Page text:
Providing addiction services during a pandemic: Lessons learned from COVID-19

During the COVID-19 pandemic, social distancing measures have made in-person mutual help groups inaccessible to many individuals struggling with substance use disorders (SUDs). Prior to the pandemic, stakeholders in our community had sponsored a program to train volunteers to facilitate local Self-Management and Recovery Training (SMART Recovery) groups. As a result, the community established seven weekly SMART Recovery groups, which more than 200 community members attended. In March 2020, the community discontinued these groups due to the COVID-19 pandemic.
Source: Journal of Substance Abuse Treatment - Category: Addiction Authors: Source Type: research

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The coronavirus 2019 disease (COVID-19) pandemic emerged at a time of substantial investment in the United States substance use service infrastructure. A key component of this fiscal investment was funding for training and technical assistance (TA) from the Substance Abuse and Mental Health Services Administration (SAMHSA) to newly configured Technology Transfer Centers (TTCs), including the Addiction TTCs (ATTC Network), Prevention TTCs (PTTC Network), and the Mental Health TTCs (MHTTC Network).
Source: Journal of Substance Abuse Treatment - Category: Addiction Authors: Source Type: research
Source: Substance Abuse - Category: Addiction Authors: Source Type: research
The COVID-19 pandemic and its containment strategies have presented unique challenges to India ’s healthcare infrastructure. While a national lockdown initially resulted in the closure of all licensed liquor shops, it also made healthcare facilities dedicated to the treatment of substance use disorders challenging to access. Addiction treatment services have been functioning at limited capa city with a lack of consensus on operating procedures. In this article, we present actual case scenarios where lockdown affected substance use and the treatment process, and discuss the policy implications and considerations for both.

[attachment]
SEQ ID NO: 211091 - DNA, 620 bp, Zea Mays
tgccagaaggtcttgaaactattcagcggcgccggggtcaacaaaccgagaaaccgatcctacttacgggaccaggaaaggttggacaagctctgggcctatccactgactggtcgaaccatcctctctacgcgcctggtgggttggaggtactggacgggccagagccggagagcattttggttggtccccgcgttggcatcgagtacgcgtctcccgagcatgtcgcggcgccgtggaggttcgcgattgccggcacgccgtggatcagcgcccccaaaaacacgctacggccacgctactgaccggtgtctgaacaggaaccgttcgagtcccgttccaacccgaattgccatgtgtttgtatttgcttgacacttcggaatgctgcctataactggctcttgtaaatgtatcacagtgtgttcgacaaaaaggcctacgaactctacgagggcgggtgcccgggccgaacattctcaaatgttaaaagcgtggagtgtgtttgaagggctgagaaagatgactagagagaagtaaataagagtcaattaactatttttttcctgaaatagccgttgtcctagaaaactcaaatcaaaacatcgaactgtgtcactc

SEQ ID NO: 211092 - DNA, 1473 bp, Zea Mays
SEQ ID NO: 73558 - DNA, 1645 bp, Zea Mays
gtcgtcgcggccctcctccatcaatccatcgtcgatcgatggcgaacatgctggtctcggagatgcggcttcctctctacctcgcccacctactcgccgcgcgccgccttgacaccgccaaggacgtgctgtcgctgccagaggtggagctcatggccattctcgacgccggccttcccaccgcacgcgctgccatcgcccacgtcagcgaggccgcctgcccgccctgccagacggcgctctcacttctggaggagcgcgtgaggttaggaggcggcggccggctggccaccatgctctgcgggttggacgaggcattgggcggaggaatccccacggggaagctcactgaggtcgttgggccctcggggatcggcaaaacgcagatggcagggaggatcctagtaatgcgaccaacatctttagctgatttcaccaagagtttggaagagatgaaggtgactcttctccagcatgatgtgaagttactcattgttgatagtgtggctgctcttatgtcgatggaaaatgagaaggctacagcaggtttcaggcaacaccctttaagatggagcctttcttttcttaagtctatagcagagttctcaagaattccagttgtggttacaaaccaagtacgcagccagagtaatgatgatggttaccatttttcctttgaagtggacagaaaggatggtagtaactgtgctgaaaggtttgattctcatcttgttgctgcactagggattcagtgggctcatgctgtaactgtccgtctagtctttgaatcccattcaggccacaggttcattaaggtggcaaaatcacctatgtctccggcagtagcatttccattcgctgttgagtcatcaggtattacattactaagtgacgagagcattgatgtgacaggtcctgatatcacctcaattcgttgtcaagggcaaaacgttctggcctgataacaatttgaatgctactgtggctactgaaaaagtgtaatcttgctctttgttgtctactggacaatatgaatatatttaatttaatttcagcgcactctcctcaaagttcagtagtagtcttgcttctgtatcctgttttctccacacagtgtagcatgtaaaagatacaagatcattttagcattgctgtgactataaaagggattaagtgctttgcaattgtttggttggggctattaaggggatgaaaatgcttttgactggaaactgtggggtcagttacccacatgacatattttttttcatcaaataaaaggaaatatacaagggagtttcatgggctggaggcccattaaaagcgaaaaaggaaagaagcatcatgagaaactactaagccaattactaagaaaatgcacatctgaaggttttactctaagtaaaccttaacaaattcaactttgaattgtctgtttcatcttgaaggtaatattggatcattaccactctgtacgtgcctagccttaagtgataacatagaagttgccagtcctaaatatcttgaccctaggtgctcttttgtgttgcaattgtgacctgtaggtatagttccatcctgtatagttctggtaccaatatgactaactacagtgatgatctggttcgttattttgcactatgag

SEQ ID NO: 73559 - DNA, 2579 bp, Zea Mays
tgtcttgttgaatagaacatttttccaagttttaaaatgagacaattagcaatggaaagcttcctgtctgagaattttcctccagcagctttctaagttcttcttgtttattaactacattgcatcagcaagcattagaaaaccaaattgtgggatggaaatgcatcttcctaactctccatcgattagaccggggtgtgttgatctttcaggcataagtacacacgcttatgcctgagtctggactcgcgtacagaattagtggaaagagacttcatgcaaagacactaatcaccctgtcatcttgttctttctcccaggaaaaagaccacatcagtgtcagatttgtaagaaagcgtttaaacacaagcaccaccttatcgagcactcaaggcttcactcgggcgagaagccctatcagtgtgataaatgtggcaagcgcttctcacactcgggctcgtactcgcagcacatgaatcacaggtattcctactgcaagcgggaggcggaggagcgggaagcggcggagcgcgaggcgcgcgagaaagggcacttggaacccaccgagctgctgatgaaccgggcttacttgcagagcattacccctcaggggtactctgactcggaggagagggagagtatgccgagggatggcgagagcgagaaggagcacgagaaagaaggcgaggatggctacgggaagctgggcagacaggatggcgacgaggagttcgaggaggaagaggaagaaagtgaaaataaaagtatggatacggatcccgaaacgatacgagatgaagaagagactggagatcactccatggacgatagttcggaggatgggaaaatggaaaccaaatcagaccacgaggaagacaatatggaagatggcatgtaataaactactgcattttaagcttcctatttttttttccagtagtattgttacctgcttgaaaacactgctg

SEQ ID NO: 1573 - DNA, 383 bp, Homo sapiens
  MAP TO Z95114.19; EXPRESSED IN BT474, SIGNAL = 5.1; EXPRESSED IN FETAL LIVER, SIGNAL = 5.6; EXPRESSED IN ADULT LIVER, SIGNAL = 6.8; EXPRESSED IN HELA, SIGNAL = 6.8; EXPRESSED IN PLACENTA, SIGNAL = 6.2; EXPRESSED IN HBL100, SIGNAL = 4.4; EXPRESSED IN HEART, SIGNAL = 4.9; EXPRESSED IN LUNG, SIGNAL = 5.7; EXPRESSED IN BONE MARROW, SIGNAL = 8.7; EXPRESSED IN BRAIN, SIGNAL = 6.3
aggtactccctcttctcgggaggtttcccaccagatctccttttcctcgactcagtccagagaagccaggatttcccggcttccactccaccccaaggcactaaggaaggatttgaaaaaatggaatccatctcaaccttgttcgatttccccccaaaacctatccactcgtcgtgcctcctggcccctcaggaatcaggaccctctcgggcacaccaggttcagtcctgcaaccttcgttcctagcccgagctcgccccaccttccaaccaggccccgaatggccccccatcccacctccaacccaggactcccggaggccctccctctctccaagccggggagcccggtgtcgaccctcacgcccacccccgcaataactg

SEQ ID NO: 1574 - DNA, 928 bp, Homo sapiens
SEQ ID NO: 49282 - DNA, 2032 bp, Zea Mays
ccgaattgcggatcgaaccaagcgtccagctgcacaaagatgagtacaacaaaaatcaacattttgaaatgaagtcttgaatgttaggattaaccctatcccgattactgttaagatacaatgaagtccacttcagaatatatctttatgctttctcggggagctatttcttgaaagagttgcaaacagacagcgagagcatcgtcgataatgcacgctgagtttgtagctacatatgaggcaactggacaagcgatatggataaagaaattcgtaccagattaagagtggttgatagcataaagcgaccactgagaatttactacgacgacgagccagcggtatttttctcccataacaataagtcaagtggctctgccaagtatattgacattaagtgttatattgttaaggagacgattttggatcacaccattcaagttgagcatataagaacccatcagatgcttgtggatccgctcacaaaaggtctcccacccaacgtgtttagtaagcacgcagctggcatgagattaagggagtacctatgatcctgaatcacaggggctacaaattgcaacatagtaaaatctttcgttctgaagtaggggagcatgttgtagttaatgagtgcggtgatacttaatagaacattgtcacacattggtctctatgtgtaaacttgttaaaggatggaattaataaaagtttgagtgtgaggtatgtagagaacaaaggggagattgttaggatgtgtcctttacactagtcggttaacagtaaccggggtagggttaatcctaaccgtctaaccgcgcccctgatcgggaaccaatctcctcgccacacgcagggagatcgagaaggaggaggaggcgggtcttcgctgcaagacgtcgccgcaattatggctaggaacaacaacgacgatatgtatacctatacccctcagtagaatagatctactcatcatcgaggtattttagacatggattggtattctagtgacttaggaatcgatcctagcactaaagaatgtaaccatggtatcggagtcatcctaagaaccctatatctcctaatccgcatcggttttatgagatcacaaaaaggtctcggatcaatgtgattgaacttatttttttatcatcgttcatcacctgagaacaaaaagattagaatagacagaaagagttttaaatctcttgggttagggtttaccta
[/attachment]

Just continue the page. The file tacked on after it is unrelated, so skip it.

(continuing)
Source: Journal of Substance Abuse Treatment - Category: Addiction Authors: Source Type: research
CONCLUSIONS: The Results have been really positive, meeting all the objectives and opening up developing new programs in the future, in the pandemic outbreak and out of it. PMID: 32820986 [PubMed - as supplied by publisher]
Source: The International Journal of Social Psychiatry - Category: Psychiatry Authors: Tags: Int J Soc Psychiatry Source Type: research
The current coronavirus disease (COVID-19) pandemic has rapidly spread across the world. Individuals with stimulant use disorder are a vulnerable population, who are particularly at risk of negative outcomes during this pandemic due to several risk factors, including mental and physical comorbidities, weakened immune responses, high-risk behaviors, and barriers to healthcare access. Engaging patients with stimulant use disorder in regular treatment has become even more difficult during this pandemic, which has resulted in many cuts to addiction treatment programs.
Source: Journal of Substance Abuse Treatment - Category: Addiction Authors: Source Type: research